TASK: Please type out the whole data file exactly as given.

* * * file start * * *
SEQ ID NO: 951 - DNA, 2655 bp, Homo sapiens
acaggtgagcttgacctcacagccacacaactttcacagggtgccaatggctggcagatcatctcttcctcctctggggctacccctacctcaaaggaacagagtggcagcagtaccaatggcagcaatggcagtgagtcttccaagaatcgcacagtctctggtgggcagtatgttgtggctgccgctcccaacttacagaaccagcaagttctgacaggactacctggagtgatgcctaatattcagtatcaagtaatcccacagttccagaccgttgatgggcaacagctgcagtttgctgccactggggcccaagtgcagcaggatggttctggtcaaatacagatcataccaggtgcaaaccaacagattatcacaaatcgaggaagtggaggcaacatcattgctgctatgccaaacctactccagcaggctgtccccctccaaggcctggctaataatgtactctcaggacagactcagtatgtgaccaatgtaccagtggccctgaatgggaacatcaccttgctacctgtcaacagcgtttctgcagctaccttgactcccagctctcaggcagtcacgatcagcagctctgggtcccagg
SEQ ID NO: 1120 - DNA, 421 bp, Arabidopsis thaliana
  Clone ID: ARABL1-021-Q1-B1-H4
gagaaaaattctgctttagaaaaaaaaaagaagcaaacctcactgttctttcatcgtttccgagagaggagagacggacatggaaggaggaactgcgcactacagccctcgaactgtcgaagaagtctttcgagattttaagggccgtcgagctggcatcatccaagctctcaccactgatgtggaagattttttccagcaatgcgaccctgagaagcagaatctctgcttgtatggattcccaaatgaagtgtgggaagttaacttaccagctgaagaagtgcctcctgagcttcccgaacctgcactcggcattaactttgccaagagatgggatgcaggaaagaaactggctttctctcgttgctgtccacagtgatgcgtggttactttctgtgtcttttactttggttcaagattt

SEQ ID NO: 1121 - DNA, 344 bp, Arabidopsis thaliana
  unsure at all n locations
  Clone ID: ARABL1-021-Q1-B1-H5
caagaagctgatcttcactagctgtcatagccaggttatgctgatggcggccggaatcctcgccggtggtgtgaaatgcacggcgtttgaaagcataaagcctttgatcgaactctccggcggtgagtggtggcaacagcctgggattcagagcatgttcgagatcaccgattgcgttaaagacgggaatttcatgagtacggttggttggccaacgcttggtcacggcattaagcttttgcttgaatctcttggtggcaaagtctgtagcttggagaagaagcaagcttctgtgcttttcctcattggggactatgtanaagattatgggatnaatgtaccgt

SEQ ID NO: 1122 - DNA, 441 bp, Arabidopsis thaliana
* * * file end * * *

SEQ ID NO: 951 - DNA, 2655 bp, Homo sapiens
acaggtgagcttgacctcacagccacacaactttcacagggtgccaatggctggcagatcatctcttcctcctctggggctacccctacctcaaaggaacagagtggcagcagtaccaatggcagcaatggcagtgagtcttccaagaatcgcacagtctctggtgggcagtatgttgtggctgccgctcccaacttacagaaccagcaagttctgacaggactacctggagtgatgcctaatattcagtatcaagtaatcccacagttccagaccgttgatgggcaacagctgcagtttgctgccactggggcccaagtgcagcaggatggttctggtcaaatacagatcataccaggtgcaaaccaacagattatcacaaatcgaggaagtggaggcaacatcattgctgctatgccaaacctactccagcaggctgtccccctccaaggcctggctaataatgtactctcaggacagactcagtatgtgaccaatgtaccagtggccctgaatgggaacatcaccttgctacctgtcaacagcgtttctgcagctaccttgactcccagctctcaggcagtcacgatcagcagctctgggtcccagg
SEQ ID NO: 1120 - DNA, 421 bp, Arabidopsis thaliana
  Clone ID: ARABL1-021-Q1-B1-H4
gagaaaaattctgctttagaaaaaaaaaagaagcaaacctcactgttctttcatcgtttccgagagaggagagacggacatggaaggaggaactgcgcactacagccctcgaactgtcgaagaagtctttcgagattttaagggccgtcgagctggcatcatccaagctctcaccactgatgtggaagattttttccagcaatgcgaccctgagaagcagaatctctgcttgtatggattcccaaatgaagtgtgggaagttaacttaccagctgaagaagtgcctcctgagcttcccgaacctgcactcggcattaactttgccaagagatgggatgcaggaaagaaactggctttctctcgttgctgtccacagtgatgcgtggttactttctgtgtcttttactttggttcaagattt

SEQ ID NO: 1121 - DNA, 344 bp, Arabidopsis thaliana
  unsure at all n locations
  Clone ID: ARABL1-021-Q1-B1-H5
caagaagctgatcttcactagctgtcatagccaggttatgctgatggcggccggaatcctcgccggtggtgtgaaatgcacggcgtttgaaagcataaagcctttgatcgaactctccggcggtgagtggtggcaacagcctgggattcagagcatgttcgagatcaccgattgcgttaaagacgggaatttcatgagtacggttggttggccaacgcttggtcacggcattaagcttttgcttgaatctcttggtggcaaagtctgtagcttggagaagaagcaagcttctgtgcttttcctcattggggactatgtanaagattatgggatnaatgtaccgt

SEQ ID NO: 1122 - DNA, 441 bp, Arabidopsis thaliana